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I notice in a website taling about jetstream https://www.weather.gov/jetstream/jet

It says:

The winds blow from west to east in jet streams but the flow often shifts to the north and south. Jet streams follow the boundaries between hot and cold air. Since these hot and cold air boundaries are most pronounced in winter, jet streams are the strongest for both the northern and southern hemisphere winters.

Why these hot and cold air boundaries are most pronounced in winter? I dont get it.

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    $\begingroup$ This would be a better fit for earthscience.stackexchange. The jetstream is of course important for aviation, but explaining why it occurs or when it is stronger is not really aviation related. $\endgroup$ – Bianfable Oct 26 '19 at 16:37
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Jet streams are influenced by the horizontal temperature gradient between two air masses which creates what is called a "thermal wind component", which when supplemented by the actual wind movement, creates the local acceleration of wind running along the top of the frontal boundary into a jet (above 90kt), and which is always nestled into the warm air side, in the wedge of warm air just under the warm air tropopause.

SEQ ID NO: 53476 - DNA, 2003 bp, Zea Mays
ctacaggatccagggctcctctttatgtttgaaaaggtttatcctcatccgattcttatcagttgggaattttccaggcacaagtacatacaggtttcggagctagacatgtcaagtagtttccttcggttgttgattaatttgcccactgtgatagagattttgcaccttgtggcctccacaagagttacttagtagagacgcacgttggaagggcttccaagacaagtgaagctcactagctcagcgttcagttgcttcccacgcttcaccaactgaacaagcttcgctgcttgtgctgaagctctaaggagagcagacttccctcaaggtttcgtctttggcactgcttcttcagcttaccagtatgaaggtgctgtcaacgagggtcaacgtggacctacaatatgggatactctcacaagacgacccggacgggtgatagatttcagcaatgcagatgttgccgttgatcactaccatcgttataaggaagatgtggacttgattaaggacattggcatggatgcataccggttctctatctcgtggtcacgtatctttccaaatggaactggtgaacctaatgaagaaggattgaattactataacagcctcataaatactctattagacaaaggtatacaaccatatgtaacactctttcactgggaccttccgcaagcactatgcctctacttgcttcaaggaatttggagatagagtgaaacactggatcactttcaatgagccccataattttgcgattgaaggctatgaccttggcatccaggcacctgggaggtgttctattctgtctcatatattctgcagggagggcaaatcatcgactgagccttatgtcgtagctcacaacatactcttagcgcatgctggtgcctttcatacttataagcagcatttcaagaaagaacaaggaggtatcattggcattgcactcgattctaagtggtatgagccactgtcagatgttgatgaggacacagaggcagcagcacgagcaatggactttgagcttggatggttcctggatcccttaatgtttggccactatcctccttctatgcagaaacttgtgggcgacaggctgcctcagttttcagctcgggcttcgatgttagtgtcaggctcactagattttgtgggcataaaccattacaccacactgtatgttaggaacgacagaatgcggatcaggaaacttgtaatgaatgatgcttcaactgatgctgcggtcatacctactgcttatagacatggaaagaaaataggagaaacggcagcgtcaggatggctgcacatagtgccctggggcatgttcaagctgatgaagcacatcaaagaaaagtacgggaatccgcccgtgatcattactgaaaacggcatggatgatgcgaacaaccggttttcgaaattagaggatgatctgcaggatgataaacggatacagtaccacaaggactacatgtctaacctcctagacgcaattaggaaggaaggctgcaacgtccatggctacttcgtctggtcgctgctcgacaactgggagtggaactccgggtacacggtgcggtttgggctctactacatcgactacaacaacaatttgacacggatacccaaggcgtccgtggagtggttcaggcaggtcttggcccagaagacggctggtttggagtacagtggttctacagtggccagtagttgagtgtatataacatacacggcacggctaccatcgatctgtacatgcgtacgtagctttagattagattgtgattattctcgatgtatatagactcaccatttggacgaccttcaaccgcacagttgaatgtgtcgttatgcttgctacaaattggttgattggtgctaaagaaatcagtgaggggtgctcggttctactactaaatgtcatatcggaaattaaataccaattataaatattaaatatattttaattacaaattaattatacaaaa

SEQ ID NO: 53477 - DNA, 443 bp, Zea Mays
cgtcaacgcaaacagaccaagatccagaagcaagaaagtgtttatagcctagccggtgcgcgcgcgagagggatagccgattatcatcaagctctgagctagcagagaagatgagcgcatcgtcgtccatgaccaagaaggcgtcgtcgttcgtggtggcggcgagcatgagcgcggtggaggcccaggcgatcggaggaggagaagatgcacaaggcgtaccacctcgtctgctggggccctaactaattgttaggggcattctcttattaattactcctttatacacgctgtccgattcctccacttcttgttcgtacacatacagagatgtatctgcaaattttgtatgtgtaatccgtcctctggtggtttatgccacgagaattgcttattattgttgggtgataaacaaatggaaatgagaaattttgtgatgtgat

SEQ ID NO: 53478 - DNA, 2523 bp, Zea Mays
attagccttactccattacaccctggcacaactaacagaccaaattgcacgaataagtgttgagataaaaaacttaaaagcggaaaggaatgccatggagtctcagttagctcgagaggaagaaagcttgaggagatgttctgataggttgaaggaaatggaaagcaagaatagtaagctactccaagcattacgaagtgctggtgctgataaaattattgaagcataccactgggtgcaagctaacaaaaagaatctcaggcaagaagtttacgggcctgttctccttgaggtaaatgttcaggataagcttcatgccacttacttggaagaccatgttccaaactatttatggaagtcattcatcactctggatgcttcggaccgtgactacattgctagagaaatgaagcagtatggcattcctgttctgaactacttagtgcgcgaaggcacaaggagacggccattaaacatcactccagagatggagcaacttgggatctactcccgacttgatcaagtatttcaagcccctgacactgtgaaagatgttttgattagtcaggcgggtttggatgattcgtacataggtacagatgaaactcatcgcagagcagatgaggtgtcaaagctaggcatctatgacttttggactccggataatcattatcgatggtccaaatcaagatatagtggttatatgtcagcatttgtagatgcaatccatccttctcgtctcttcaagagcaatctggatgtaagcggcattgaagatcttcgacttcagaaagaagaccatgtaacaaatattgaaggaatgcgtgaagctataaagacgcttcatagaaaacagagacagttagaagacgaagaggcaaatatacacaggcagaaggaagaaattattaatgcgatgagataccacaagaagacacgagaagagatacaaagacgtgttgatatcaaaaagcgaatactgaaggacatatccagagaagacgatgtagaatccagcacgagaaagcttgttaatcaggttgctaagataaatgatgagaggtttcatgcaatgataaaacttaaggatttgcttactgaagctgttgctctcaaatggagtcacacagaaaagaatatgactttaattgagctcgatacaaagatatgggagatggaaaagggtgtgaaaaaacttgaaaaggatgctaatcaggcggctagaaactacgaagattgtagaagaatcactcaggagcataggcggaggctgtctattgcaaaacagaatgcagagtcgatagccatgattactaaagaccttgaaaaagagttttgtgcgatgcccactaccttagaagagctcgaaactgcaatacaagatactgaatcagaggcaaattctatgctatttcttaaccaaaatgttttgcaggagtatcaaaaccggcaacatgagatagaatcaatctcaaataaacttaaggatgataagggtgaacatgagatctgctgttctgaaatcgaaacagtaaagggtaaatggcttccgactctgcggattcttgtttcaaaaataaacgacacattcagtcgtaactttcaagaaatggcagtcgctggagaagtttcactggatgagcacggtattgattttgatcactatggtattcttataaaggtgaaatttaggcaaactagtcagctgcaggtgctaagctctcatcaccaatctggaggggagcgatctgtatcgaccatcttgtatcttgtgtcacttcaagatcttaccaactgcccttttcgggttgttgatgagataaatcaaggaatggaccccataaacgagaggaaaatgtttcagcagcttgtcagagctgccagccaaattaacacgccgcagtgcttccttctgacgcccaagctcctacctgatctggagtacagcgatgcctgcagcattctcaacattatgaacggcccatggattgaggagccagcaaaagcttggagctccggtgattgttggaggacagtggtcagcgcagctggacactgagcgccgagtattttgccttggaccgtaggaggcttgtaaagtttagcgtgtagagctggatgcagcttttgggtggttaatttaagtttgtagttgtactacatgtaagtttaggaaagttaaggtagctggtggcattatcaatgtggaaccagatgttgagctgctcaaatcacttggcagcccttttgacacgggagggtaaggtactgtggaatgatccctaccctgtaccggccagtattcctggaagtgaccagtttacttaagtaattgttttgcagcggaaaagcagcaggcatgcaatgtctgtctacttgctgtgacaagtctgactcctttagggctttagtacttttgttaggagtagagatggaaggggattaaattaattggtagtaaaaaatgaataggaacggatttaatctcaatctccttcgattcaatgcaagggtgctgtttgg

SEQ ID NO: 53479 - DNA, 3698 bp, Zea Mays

The strength of the jet is therefore influenced by the temperature difference between air masses. In winter the airmass boundaries (in North America) tend to move south, and the temperature differentials increase compared to summer. With the higher temperature differentials and higher horizontal temperature gradients, the stream velocities tend to be stronger and they reside farther south.

If you really want to understand aviation weather theory, the absolute best book for this is the Royal Canadian Air Force Weather Manual. Can't recommend it highly enough.

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